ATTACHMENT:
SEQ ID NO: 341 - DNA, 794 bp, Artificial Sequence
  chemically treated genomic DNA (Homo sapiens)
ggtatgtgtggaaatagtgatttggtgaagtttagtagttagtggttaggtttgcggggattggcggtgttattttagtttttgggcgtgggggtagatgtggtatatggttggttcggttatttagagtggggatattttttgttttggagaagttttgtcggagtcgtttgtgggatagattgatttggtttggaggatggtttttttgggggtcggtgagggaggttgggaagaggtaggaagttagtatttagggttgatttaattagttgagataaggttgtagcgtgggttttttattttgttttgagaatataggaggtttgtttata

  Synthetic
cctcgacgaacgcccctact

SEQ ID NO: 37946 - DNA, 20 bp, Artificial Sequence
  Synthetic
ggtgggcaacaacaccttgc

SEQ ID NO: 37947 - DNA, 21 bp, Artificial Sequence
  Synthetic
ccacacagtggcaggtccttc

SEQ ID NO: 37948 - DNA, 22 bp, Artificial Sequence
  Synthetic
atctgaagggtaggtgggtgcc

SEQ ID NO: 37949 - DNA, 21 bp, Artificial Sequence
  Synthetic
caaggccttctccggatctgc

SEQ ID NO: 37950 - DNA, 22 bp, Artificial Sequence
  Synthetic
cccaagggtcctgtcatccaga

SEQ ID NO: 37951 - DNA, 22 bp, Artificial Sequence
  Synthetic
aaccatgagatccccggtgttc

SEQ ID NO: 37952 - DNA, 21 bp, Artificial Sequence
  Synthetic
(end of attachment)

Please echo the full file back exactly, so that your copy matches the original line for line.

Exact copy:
SEQ ID NO: 341 - DNA, 794 bp, Artificial Sequence
  chemically treated genomic DNA (Homo sapiens)
ggtatgtgtggaaatagtgatttggtgaagtttagtagttagtggttaggtttgcggggattggcggtgttattttagtttttgggcgtgggggtagatgtggtatatggttggttcggttatttagagtggggatattttttgttttggagaagttttgtcggagtcgtttgtgggatagattgatttggtttggaggatggtttttttgggggtcggtgagggaggttgggaagaggtaggaagttagtatttagggttgatttaattagttgagataaggttgtagcgtgggttttttattttgttttgagaatataggaggtttgtttata

  Synthetic
cctcgacgaacgcccctact

SEQ ID NO: 37946 - DNA, 20 bp, Artificial Sequence
  Synthetic
ggtgggcaacaacaccttgc

SEQ ID NO: 37947 - DNA, 21 bp, Artificial Sequence
  Synthetic
ccacacagtggcaggtccttc

SEQ ID NO: 37948 - DNA, 22 bp, Artificial Sequence
  Synthetic
atctgaagggtaggtgggtgcc

SEQ ID NO: 37949 - DNA, 21 bp, Artificial Sequence
  Synthetic
caaggccttctccggatctgc

SEQ ID NO: 37950 - DNA, 22 bp, Artificial Sequence
  Synthetic
cccaagggtcctgtcatccaga

SEQ ID NO: 37951 - DNA, 22 bp, Artificial Sequence
  Synthetic
aaccatgagatccccggtgttc

SEQ ID NO: 37952 - DNA, 21 bp, Artificial Sequence
  Synthetic